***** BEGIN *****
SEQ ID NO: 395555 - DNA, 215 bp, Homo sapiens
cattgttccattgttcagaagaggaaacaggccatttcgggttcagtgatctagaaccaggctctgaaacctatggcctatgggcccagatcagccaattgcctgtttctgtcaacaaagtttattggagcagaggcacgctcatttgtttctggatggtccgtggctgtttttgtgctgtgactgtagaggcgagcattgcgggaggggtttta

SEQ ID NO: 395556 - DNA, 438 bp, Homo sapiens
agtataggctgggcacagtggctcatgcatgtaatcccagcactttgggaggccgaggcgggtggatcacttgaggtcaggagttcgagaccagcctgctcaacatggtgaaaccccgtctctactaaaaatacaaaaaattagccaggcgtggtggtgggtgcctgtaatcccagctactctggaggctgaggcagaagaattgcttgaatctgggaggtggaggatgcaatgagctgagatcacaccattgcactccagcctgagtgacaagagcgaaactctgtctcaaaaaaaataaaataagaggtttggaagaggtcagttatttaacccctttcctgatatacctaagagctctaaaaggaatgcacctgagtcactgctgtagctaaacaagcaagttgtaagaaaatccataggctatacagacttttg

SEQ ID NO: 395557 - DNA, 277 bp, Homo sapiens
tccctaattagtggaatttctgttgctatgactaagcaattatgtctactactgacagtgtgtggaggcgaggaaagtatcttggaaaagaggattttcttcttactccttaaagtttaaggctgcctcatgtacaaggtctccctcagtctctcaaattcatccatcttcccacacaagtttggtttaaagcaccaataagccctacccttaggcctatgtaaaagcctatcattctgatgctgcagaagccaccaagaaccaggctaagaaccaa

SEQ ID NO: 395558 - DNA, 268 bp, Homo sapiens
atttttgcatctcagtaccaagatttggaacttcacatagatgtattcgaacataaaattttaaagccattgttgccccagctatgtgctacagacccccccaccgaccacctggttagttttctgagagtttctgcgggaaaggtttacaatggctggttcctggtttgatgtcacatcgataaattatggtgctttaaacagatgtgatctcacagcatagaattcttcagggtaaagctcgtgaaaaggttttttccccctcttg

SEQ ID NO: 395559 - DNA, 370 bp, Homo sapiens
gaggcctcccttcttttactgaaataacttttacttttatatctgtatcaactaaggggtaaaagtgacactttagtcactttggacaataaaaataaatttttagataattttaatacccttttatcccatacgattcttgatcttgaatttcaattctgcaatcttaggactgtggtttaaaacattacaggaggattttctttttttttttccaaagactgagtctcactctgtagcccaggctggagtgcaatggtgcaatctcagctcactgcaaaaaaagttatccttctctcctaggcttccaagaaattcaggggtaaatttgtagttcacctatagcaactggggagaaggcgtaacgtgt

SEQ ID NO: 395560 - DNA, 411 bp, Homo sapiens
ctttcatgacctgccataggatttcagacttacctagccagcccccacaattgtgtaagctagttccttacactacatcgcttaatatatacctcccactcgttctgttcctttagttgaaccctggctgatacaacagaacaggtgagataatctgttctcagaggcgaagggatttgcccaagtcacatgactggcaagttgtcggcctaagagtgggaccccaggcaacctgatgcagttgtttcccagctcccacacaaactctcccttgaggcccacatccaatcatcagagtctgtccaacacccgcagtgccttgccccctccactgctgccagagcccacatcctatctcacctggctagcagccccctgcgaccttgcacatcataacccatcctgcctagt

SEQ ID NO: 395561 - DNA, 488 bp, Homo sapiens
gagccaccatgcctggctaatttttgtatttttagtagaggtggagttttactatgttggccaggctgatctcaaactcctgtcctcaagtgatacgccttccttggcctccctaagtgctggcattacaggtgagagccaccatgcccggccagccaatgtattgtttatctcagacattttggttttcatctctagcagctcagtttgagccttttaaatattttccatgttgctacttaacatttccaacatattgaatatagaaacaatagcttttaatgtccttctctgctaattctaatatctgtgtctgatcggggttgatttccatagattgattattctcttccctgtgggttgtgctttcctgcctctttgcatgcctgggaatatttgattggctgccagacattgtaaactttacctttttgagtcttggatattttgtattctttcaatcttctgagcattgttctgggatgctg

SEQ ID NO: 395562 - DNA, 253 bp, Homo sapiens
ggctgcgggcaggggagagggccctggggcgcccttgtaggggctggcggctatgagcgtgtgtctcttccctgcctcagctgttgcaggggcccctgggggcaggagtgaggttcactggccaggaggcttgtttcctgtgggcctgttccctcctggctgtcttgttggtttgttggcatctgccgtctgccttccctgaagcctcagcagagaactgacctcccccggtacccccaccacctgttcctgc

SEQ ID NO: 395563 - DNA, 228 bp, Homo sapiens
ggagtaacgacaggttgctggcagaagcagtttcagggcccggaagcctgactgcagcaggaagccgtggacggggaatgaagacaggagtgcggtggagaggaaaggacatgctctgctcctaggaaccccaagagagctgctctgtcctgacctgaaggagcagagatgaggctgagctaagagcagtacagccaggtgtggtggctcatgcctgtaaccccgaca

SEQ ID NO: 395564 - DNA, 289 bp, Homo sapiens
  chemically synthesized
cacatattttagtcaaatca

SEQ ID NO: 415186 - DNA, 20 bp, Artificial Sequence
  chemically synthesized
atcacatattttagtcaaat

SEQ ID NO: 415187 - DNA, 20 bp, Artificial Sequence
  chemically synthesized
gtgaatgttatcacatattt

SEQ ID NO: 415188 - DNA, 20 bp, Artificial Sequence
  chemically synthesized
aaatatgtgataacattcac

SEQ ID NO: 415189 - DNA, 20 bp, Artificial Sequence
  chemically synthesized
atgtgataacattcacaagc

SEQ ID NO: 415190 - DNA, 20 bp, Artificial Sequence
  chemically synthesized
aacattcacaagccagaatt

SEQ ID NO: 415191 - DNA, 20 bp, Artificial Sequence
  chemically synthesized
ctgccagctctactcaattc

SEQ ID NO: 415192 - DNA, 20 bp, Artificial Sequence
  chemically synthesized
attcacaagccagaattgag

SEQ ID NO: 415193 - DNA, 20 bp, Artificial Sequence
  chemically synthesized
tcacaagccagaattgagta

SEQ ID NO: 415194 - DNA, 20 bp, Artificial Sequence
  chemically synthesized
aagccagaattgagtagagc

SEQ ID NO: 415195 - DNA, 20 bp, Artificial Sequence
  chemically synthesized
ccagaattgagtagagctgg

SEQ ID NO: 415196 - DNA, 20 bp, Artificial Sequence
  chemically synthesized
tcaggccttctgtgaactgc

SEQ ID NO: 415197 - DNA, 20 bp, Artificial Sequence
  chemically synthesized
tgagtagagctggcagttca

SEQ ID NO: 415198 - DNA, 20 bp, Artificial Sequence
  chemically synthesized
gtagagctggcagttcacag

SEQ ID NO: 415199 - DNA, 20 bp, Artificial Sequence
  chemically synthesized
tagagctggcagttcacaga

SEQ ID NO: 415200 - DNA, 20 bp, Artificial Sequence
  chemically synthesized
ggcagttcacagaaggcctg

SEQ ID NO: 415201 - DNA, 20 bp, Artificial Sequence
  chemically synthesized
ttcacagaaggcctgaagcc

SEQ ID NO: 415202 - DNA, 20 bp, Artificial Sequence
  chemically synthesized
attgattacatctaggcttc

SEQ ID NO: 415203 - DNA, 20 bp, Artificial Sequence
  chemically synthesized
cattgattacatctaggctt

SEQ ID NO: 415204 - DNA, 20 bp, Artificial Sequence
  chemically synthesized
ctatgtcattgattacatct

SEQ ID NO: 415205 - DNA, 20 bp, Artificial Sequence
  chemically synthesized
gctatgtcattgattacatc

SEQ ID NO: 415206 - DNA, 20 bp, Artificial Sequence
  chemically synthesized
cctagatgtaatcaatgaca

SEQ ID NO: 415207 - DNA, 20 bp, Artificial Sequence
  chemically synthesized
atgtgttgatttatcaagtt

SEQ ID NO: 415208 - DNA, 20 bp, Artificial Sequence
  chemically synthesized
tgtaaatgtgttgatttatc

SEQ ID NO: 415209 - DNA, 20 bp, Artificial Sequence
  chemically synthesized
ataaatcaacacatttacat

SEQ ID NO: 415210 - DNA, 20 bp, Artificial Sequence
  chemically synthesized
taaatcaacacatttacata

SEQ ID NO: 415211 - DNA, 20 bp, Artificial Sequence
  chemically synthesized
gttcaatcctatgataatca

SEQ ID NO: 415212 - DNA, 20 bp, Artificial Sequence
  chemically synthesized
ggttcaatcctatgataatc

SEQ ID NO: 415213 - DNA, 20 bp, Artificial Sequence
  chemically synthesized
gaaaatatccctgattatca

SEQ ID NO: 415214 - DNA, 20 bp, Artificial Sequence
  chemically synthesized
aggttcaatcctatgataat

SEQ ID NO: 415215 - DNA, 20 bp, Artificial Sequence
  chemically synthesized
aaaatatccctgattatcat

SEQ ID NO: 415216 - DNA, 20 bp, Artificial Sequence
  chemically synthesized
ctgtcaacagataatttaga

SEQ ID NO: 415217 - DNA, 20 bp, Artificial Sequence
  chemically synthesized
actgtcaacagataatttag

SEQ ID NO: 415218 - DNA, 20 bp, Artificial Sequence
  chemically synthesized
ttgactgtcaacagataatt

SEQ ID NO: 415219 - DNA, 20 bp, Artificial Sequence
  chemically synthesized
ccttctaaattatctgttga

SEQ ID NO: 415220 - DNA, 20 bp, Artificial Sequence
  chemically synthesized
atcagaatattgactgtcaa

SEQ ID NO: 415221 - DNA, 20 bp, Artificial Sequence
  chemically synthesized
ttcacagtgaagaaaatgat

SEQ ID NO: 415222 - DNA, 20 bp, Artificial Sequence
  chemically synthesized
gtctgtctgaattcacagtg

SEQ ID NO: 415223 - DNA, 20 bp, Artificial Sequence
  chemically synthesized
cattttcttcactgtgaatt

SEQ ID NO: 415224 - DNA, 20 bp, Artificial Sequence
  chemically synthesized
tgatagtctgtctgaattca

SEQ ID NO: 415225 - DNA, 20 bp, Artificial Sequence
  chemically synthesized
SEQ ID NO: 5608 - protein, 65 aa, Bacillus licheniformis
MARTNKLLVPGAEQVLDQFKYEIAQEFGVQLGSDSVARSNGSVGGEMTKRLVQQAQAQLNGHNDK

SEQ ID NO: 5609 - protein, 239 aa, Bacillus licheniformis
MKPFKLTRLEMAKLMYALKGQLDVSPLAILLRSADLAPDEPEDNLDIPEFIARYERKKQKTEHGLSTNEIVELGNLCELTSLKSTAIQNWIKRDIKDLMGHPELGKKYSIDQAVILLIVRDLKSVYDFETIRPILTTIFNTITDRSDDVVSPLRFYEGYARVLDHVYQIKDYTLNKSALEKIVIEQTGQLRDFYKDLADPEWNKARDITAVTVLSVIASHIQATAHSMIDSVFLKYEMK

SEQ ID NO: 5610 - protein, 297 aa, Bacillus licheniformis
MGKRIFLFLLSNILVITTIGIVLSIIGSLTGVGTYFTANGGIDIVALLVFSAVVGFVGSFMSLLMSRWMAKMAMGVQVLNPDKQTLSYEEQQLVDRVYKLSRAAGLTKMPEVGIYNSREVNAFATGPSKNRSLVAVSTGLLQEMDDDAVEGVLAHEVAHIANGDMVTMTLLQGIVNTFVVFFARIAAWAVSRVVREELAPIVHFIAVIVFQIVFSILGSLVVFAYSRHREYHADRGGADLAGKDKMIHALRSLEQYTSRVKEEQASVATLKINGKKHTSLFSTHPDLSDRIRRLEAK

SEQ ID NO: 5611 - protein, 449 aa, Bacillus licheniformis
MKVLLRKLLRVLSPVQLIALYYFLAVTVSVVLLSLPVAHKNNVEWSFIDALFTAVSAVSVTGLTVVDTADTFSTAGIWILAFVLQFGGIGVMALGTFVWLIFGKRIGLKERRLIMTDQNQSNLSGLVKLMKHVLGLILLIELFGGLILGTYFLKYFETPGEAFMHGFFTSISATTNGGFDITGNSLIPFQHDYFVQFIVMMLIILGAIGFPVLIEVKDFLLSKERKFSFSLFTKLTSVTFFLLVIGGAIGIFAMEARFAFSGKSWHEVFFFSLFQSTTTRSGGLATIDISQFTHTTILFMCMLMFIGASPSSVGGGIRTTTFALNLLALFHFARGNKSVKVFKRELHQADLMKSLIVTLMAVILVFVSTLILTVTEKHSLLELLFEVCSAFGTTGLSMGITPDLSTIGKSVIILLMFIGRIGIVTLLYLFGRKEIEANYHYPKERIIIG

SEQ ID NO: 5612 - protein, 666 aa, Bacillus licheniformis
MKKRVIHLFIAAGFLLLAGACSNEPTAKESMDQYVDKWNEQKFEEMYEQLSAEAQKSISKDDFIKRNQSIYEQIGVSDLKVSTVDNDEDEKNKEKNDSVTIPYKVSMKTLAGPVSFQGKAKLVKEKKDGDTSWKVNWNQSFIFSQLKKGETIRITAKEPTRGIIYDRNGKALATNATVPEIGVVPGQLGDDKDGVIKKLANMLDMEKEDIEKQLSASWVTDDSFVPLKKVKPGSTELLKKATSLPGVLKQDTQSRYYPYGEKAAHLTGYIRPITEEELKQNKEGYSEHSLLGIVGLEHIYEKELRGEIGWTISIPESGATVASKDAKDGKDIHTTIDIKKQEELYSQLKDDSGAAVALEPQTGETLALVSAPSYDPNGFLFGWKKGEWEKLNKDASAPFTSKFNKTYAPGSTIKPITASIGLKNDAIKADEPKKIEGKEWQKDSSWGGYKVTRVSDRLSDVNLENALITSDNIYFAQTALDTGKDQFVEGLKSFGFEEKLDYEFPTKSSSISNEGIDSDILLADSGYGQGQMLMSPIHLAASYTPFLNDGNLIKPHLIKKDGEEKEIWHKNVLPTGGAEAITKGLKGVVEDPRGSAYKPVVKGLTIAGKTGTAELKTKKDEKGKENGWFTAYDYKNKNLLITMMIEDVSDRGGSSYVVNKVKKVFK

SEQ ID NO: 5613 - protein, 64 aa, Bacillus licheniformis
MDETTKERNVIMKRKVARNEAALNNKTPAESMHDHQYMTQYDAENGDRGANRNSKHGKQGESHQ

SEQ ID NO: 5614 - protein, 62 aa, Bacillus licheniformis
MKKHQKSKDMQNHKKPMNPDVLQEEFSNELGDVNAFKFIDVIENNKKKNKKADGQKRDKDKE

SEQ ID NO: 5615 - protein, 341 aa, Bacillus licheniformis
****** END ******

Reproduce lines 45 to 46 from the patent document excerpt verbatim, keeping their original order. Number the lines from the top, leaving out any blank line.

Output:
tcacaagccagaattgagta

SEQ ID NO: 415194 - DNA, 20 bp, Artificial Sequence